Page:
The food at this new generation of wine bars is a perfect combination of fun and ambition, with dishes designed to pair with a variety of wine styles. The team has also started selling home meal kits created by Epp, which give customers a glimpse of the wine bar that will soon open its doors. The glasses must be large and, if the bar is really good, they will provide the right cup shape for the wine you order. Their collective success, which is now measured by their ability to stay in business, is the result of immense creativity and hard work, but it also shows the uniqueness of the wine bar as a flexible and especially resilient business model.
Hajcak (who also plans to open a virtual wine bar as a new source of income) has gained followers thanks to its biweekly virtual blind tastings; customers select numbered and pre-packaged wine flights on Hummingbird before arriving. Some are creative and call themselves “Enotecas” and some have the double nickname of “restaurant and wine bar”, but more and more establishments are popping up with the designation designed, presumably, to attract people in their thirties who drink wine. Instead of opening a wine bar for dinner with a long list of natural wines, Light Sleeper opened its doors in December with a menu of soups, salads and pizzas to take away. Jeremiah Stone explains that at Wildair, he and co-chef Fabian von Hauske serve more complex and robust dishes than can be found in a Parisian wine bar.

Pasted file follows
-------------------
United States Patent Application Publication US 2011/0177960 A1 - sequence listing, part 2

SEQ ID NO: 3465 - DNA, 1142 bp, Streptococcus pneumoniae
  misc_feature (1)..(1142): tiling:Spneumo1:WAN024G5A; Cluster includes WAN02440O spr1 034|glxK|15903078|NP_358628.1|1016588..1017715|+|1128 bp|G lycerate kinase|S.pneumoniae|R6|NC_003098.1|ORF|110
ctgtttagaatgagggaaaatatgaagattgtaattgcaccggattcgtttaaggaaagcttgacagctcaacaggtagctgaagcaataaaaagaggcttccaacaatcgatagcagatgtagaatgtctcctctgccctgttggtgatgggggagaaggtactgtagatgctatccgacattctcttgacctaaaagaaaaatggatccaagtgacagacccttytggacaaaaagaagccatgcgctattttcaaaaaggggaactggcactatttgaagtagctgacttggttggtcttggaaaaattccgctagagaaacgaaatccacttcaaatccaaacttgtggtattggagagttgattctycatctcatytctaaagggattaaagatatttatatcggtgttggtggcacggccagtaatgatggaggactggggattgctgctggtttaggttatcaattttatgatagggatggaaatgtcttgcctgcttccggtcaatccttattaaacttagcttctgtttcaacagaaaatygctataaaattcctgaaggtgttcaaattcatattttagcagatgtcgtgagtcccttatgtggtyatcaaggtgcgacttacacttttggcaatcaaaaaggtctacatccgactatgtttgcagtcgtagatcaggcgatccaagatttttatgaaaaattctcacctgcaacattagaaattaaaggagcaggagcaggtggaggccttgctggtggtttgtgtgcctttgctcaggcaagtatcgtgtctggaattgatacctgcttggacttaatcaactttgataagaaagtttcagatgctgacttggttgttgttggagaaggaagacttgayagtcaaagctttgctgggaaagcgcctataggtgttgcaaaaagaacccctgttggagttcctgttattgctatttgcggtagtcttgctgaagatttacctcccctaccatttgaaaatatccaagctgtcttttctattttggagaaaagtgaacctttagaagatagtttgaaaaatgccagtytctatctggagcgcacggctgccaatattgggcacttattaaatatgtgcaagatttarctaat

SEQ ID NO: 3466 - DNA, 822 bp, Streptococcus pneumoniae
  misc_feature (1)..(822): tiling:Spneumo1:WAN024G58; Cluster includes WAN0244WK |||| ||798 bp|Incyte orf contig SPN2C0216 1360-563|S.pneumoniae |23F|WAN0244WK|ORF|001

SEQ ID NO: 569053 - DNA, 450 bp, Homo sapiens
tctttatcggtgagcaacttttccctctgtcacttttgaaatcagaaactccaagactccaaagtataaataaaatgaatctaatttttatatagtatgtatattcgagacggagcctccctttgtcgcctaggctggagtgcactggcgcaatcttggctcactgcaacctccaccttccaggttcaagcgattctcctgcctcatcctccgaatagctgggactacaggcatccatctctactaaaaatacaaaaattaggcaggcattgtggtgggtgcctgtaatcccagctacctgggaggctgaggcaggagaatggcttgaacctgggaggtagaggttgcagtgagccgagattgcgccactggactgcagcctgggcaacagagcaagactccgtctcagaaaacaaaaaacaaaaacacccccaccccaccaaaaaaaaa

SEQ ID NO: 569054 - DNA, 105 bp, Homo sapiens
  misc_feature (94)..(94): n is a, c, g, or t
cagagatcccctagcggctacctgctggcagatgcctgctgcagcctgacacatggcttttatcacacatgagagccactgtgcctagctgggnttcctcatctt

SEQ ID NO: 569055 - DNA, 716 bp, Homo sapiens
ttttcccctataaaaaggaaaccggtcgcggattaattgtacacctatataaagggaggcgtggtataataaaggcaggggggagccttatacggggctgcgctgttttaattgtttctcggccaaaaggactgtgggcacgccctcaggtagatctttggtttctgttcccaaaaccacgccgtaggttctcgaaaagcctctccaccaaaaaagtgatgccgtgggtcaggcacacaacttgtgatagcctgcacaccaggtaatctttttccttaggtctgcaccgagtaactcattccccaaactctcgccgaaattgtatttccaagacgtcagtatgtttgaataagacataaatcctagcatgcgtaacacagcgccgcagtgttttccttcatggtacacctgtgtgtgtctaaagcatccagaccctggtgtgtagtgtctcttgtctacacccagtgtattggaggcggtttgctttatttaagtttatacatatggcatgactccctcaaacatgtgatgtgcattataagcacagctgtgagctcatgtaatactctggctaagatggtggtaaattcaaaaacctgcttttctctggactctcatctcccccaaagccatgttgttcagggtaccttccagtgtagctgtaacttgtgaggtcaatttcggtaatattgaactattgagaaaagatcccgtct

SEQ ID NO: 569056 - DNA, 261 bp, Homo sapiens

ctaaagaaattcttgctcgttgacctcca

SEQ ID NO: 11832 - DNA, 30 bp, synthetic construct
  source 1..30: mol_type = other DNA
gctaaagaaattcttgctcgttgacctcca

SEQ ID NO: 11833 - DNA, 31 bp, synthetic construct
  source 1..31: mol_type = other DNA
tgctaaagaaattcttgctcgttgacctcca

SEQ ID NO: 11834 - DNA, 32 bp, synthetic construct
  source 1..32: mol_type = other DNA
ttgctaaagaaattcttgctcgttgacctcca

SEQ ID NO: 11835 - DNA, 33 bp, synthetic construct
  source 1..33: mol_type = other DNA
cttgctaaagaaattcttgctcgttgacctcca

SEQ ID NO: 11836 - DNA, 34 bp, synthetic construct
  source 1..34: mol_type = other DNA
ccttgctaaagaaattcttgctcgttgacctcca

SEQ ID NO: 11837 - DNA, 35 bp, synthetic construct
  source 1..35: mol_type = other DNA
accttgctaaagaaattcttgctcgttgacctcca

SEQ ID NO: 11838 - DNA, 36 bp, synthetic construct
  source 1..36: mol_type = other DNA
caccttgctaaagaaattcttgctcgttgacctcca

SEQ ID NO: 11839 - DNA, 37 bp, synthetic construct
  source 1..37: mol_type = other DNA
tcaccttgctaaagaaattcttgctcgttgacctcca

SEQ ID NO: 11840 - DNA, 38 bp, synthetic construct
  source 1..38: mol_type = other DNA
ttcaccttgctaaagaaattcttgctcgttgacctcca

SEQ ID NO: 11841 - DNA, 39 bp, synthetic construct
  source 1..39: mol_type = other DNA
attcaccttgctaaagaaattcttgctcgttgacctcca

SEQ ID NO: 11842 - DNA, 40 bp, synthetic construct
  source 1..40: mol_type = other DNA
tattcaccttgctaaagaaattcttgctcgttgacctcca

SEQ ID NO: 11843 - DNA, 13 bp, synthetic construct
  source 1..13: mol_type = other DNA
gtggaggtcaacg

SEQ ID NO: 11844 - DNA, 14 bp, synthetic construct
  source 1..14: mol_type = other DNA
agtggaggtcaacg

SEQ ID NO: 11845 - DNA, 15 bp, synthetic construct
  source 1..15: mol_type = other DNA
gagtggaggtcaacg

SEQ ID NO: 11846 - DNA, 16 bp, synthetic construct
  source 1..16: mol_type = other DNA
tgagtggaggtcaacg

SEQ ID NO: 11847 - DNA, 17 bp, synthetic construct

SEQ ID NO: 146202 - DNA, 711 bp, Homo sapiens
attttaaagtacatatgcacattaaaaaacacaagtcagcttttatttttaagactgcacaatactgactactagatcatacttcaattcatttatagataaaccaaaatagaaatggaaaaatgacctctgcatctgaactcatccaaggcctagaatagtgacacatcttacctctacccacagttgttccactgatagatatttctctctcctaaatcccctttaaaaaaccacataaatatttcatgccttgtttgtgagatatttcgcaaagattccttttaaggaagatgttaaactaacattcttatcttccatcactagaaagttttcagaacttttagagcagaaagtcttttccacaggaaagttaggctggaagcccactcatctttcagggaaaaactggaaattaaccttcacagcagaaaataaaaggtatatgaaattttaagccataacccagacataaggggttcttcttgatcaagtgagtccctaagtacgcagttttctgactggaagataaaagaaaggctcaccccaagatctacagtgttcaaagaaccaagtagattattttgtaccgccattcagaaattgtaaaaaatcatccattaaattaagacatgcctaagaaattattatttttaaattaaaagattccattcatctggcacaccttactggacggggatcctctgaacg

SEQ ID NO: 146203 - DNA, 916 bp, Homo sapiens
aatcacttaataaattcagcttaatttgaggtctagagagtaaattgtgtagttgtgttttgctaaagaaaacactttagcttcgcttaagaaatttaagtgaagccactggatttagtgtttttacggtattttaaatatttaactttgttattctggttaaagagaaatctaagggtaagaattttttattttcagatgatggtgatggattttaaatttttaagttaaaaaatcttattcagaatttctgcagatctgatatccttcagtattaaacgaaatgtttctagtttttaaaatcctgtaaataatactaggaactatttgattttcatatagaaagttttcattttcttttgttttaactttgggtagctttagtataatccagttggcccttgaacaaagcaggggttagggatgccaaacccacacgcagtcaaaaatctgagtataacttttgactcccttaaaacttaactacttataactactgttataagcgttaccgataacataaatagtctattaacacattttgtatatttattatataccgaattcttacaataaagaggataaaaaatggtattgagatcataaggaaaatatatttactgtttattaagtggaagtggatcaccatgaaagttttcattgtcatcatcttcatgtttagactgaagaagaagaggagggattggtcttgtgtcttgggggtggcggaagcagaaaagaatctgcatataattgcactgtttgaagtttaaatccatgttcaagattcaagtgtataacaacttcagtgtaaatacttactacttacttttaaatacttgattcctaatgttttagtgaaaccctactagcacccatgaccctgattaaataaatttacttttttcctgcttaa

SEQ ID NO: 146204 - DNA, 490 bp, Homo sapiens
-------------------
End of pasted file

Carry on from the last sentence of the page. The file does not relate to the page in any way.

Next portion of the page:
Nor is a wine bar that has a small tasting area where they sometimes (with or without notice) serve wines for customers to try. James Murphy, former leader of LCD Soundsystem and co-owner of Four Hoursemen, is one of the most unlikely proponents of New York's natural wine bar scene. Among the newcomers was L'ange Vin, Jean-Pierre Robinot's Montmartre wine bar (who now produces wine in the Loire Valley), which opened its doors in 1989 and served casual dishes such as rillettes and tartines. When Wilson and his partners decided to open their store in Chicago before the pandemic, a wine bar was being prepared with a menu by chef Ryan Epp, a former student of Alinea and the Aviary.
In Paris, Rovine says, apero culture (short for aperitif) is an integral part of wine bar culture. Beyond Paris and New York, the natural wine bar scene has flourished in Copenhagen, Tokyo, London and Sydney. Flexible business models and creative community involvement allow wine bars to remain profitable even in tumultuous times.